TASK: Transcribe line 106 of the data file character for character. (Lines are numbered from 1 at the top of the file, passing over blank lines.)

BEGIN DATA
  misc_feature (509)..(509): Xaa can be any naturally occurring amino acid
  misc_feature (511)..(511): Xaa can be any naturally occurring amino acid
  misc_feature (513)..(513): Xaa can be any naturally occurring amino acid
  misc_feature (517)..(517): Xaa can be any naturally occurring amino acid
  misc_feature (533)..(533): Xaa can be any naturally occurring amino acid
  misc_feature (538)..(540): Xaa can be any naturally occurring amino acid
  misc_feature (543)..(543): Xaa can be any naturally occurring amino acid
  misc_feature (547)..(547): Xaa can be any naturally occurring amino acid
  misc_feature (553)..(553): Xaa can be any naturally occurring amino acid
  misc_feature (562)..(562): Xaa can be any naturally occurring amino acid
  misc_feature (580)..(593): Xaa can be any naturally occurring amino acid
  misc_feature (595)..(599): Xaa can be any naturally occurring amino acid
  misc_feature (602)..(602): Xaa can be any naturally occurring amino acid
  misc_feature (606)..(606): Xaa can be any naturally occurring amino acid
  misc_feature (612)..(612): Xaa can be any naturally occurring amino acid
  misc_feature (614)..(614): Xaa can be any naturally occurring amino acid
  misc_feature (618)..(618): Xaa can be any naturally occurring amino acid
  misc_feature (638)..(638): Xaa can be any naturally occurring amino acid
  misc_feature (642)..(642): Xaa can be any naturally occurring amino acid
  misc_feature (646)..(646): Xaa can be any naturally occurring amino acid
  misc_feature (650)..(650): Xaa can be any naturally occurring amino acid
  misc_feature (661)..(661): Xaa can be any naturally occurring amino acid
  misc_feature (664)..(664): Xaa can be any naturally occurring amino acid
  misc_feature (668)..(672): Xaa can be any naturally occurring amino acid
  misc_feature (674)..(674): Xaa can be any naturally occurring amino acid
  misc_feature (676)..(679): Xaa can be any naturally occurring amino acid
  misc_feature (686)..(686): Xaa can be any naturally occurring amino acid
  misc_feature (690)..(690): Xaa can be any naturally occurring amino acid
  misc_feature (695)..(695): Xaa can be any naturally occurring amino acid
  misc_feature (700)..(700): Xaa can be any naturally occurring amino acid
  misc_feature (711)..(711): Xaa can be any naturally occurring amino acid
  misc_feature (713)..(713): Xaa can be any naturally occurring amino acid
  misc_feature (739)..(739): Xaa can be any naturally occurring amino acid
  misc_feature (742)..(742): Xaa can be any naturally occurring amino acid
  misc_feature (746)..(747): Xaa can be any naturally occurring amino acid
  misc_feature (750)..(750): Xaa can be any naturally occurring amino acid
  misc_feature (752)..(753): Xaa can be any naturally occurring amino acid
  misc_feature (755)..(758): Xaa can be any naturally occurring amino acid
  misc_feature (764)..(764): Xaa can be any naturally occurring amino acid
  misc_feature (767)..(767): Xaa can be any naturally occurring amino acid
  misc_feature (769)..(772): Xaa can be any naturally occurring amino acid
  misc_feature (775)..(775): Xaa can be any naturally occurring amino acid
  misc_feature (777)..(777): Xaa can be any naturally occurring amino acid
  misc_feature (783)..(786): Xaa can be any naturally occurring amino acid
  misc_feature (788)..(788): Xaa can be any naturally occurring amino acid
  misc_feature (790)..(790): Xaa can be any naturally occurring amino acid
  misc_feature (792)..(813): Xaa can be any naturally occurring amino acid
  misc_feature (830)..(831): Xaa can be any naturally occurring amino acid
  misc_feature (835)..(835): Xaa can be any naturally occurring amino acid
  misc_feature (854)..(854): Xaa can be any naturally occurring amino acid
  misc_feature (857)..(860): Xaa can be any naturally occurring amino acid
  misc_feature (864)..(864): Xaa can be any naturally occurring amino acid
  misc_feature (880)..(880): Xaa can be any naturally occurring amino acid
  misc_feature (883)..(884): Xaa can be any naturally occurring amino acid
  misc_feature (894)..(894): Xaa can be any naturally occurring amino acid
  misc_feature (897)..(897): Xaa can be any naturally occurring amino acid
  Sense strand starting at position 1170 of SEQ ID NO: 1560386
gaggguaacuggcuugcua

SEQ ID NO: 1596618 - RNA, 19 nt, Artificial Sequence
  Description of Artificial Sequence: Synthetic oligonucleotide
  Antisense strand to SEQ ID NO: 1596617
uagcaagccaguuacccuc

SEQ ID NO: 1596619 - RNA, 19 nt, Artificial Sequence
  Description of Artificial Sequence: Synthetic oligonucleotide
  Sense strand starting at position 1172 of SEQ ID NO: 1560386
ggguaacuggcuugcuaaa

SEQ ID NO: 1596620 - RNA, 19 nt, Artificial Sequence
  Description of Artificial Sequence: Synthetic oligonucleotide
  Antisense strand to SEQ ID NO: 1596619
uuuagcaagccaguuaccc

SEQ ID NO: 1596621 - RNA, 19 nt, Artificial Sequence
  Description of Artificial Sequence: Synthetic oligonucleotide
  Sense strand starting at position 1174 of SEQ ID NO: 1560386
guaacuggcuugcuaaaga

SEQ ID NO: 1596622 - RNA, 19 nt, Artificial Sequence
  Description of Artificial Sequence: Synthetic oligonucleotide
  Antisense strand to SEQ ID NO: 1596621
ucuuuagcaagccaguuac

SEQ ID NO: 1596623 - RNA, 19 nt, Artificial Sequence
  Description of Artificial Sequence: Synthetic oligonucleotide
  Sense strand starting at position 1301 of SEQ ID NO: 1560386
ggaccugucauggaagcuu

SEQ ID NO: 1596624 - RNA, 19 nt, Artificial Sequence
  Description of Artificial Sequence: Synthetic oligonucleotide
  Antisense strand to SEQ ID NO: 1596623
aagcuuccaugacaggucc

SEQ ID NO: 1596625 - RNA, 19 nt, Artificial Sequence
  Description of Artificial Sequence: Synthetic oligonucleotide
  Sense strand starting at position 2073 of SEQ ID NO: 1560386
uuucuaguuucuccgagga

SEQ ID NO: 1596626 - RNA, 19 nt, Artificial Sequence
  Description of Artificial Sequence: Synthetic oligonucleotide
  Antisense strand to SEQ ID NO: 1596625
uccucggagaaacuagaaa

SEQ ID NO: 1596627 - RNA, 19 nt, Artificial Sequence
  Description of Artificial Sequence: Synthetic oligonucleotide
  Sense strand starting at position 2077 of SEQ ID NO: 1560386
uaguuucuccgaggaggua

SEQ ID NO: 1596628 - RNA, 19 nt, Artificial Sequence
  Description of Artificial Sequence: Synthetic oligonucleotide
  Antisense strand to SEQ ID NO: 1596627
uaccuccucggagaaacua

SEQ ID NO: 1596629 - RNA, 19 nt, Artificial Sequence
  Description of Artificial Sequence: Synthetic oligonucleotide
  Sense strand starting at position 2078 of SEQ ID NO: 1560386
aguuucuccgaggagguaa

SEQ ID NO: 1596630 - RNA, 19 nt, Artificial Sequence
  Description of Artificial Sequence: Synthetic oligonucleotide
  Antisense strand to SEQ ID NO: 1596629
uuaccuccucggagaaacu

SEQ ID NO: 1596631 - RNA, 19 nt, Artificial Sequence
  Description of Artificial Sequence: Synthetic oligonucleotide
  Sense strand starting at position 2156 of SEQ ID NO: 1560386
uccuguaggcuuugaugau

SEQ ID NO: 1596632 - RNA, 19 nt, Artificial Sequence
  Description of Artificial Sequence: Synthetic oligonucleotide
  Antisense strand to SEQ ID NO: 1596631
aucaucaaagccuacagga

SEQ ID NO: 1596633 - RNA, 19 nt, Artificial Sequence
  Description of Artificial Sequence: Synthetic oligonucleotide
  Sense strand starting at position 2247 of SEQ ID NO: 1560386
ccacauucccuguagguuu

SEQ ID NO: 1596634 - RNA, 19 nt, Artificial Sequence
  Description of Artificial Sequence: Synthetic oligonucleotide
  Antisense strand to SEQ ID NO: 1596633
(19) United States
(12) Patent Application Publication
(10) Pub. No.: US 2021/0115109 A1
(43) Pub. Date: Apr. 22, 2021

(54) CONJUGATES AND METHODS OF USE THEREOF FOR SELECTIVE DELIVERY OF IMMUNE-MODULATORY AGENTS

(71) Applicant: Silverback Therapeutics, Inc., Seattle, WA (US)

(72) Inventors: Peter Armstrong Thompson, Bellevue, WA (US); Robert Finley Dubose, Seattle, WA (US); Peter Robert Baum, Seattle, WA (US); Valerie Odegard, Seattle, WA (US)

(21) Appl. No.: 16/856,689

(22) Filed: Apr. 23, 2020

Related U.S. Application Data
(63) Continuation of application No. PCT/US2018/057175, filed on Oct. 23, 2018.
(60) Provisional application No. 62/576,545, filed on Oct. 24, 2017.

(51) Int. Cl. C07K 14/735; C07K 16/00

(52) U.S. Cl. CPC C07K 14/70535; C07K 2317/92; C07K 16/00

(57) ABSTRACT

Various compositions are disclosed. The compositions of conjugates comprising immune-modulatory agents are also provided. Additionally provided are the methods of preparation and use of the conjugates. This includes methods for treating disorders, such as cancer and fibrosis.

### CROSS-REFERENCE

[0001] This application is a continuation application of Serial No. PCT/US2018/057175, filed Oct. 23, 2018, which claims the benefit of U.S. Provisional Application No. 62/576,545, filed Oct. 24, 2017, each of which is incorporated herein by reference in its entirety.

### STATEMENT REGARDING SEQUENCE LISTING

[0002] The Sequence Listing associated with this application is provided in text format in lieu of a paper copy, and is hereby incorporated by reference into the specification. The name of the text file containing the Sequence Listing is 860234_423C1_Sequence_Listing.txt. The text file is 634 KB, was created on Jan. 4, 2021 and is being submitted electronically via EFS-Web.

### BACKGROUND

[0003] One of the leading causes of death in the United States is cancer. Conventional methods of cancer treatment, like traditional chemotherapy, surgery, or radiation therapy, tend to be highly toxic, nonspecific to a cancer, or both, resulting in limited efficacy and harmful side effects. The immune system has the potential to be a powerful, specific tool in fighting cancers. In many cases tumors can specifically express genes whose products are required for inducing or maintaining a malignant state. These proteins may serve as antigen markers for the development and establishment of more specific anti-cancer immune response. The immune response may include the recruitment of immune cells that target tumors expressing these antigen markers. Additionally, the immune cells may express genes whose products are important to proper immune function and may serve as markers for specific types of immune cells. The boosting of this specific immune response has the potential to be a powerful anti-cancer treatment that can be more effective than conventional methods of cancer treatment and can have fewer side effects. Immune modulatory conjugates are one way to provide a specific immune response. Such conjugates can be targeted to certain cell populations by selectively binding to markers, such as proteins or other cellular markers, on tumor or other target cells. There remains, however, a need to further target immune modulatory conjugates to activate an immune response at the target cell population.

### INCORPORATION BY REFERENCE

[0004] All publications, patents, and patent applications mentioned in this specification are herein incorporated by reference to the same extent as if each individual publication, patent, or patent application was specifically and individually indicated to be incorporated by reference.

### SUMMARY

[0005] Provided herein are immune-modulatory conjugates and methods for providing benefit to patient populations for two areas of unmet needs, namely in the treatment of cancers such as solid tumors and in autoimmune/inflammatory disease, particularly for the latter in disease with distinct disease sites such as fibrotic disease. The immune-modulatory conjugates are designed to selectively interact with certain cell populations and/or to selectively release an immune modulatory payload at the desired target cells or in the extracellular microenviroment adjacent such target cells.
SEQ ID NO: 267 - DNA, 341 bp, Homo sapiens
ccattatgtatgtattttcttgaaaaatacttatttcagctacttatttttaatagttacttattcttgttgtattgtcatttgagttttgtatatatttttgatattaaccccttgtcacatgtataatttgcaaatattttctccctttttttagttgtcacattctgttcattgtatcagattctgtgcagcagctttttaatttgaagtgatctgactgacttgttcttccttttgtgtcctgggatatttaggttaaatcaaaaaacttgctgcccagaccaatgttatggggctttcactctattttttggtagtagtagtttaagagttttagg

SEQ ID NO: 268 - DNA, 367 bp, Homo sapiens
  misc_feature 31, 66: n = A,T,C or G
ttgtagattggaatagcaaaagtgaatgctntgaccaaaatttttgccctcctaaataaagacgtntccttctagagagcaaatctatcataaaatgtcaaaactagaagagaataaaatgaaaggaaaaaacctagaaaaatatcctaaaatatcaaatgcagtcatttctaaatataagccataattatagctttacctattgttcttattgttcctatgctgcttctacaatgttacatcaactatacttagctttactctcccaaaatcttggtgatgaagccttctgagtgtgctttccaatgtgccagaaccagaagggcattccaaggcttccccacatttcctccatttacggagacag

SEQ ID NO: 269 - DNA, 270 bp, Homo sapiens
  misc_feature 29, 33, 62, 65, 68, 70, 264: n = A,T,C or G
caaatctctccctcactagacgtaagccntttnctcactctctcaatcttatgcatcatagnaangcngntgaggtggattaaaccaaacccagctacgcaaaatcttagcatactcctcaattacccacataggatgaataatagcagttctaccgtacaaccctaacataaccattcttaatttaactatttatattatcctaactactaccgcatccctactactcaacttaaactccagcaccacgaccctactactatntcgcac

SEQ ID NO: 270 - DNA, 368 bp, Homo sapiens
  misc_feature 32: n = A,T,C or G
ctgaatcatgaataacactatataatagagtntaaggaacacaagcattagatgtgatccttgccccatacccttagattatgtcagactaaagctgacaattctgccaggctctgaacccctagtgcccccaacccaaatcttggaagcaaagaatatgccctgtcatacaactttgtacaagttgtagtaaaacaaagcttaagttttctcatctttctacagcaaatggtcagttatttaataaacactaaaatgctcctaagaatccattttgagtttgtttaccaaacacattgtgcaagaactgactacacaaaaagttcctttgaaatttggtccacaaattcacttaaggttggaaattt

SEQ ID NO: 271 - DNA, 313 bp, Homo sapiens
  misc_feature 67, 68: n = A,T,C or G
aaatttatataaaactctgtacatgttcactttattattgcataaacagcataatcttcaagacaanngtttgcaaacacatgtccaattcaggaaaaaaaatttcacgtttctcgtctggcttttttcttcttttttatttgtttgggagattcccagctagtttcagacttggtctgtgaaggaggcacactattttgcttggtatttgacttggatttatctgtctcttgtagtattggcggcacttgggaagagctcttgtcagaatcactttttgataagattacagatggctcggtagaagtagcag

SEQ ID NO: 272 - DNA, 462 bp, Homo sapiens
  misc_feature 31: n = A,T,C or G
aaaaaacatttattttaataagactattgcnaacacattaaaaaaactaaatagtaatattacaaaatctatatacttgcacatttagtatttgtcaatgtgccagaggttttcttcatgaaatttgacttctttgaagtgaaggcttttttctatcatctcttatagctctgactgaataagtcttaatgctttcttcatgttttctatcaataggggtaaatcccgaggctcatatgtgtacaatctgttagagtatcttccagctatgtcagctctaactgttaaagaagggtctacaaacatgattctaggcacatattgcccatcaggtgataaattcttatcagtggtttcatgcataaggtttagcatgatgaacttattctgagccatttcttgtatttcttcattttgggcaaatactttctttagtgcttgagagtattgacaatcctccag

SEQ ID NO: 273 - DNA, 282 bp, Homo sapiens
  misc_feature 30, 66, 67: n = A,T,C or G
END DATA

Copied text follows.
aguuucuccgaggagguaa